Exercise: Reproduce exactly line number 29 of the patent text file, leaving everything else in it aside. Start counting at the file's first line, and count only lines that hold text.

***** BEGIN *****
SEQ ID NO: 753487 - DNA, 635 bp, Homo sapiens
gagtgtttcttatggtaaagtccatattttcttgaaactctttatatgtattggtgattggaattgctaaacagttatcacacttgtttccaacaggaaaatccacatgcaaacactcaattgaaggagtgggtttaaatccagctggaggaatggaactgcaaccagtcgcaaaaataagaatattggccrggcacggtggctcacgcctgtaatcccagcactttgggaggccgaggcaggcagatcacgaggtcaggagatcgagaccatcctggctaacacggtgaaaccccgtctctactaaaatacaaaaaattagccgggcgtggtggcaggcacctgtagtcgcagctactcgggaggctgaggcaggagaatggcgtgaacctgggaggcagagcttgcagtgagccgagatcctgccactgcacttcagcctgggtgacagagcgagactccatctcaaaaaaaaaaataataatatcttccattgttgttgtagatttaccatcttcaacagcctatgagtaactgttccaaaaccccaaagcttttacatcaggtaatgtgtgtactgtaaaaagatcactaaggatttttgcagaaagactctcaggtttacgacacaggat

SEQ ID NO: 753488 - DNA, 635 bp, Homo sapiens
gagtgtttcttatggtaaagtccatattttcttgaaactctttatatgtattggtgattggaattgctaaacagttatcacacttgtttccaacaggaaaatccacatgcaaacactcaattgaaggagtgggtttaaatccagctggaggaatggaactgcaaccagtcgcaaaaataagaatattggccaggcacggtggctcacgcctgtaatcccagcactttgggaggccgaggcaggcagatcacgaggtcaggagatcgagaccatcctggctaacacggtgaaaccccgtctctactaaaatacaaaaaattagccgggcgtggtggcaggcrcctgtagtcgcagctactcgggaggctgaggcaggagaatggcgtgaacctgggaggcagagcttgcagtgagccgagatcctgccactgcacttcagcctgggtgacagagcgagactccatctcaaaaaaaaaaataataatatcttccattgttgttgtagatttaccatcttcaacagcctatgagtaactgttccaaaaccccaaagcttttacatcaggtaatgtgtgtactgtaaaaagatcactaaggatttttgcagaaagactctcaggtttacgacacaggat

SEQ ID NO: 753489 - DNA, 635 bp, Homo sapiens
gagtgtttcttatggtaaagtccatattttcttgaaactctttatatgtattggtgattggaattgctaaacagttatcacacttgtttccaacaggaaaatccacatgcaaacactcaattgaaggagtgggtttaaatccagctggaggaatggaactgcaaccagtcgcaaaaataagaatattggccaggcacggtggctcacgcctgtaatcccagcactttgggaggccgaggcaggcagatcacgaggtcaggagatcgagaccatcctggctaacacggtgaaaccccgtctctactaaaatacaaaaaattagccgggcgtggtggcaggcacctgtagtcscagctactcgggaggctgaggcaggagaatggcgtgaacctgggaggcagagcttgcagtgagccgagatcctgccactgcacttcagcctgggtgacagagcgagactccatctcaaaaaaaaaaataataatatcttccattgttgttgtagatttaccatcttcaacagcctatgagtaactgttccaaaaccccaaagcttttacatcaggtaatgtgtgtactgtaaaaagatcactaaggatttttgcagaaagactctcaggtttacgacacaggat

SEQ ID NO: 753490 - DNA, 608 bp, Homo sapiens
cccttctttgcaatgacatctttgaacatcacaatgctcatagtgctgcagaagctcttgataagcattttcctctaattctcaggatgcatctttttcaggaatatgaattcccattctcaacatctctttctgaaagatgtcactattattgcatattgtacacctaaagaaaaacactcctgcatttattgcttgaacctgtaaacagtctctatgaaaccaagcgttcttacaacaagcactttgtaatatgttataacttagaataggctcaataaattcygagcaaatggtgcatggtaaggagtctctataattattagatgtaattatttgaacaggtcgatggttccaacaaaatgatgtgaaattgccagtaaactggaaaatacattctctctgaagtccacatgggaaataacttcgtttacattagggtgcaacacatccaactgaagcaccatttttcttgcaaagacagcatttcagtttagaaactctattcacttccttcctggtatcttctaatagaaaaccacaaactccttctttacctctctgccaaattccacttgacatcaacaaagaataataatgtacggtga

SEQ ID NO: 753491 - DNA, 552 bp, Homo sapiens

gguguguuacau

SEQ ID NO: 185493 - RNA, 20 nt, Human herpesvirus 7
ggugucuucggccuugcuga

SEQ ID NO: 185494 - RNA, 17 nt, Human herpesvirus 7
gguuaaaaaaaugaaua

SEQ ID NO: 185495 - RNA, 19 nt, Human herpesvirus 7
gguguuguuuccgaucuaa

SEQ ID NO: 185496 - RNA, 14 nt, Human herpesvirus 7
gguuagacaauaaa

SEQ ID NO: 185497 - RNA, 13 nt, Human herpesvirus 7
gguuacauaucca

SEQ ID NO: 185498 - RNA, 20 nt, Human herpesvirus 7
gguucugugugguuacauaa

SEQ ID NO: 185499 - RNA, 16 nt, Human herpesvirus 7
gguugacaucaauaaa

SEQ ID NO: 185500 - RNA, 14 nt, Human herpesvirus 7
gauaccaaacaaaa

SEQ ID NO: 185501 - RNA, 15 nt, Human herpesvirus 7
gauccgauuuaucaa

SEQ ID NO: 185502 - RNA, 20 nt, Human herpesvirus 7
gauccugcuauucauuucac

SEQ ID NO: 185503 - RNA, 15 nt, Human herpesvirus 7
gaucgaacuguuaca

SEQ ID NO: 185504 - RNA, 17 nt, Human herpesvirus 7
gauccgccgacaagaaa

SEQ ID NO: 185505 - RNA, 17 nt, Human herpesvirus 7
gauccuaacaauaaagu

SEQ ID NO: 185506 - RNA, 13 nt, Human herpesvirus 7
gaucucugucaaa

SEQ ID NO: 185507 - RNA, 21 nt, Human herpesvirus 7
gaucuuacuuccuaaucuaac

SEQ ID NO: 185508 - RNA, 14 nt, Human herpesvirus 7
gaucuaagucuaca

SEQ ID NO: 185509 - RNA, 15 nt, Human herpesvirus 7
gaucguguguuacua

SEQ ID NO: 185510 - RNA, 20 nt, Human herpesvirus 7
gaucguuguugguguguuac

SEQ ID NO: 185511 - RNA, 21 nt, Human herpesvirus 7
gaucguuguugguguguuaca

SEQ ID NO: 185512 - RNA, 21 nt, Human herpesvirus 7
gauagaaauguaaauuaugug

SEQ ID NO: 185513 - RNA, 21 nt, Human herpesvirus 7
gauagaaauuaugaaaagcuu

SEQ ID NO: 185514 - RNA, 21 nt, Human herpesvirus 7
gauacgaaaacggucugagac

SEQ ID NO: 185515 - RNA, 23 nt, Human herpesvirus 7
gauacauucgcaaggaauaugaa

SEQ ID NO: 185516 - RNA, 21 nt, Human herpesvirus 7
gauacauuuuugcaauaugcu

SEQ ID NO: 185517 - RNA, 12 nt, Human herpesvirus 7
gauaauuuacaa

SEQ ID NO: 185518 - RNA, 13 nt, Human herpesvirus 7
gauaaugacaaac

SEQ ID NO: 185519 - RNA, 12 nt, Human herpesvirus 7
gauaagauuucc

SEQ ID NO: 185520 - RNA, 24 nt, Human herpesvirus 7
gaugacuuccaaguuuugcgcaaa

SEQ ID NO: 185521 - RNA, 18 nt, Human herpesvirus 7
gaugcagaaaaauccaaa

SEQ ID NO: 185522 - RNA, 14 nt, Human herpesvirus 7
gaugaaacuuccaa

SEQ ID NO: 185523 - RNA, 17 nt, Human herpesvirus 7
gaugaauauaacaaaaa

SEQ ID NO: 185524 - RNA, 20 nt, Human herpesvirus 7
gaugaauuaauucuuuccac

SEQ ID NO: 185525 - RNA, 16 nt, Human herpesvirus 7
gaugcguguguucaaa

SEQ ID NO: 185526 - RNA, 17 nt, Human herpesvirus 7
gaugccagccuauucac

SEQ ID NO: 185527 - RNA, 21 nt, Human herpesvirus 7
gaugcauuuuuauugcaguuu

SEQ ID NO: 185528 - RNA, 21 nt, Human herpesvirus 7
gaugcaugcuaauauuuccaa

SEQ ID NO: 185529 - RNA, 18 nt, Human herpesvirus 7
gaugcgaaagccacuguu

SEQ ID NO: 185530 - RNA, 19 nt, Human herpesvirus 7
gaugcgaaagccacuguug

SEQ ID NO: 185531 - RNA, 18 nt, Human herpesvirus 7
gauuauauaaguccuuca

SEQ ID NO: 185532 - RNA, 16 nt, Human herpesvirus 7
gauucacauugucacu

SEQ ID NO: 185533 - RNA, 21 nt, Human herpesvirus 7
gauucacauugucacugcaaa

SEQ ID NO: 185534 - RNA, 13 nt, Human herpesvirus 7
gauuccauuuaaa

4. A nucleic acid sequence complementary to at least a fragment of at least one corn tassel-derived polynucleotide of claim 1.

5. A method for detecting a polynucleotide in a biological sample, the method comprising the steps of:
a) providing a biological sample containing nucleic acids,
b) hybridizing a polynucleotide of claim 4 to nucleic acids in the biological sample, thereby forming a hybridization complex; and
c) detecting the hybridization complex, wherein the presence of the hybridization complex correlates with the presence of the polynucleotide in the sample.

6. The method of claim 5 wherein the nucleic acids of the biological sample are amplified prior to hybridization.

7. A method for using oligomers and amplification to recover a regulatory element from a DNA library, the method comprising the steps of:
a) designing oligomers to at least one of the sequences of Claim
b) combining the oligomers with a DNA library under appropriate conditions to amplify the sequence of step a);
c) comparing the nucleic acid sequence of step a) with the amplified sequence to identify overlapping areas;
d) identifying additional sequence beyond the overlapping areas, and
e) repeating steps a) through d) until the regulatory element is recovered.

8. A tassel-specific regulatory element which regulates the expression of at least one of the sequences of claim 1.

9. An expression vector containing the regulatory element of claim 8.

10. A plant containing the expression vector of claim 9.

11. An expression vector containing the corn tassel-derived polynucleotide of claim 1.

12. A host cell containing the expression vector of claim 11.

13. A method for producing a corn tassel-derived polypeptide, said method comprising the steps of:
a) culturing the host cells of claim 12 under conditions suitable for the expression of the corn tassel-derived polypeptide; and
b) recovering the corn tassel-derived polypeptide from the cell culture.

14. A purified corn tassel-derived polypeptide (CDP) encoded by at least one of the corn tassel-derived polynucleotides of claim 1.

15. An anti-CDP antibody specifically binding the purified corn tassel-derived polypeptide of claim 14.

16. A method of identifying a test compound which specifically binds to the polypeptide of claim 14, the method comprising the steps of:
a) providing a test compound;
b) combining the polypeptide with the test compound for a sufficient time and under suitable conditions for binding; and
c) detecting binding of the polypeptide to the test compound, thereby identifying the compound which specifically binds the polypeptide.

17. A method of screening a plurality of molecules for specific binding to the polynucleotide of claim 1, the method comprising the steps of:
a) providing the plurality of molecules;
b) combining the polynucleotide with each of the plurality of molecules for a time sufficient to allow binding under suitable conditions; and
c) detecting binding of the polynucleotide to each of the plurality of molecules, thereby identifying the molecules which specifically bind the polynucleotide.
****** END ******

SEQ ID NO: 185502 - RNA, 20 nt, Human herpesvirus 7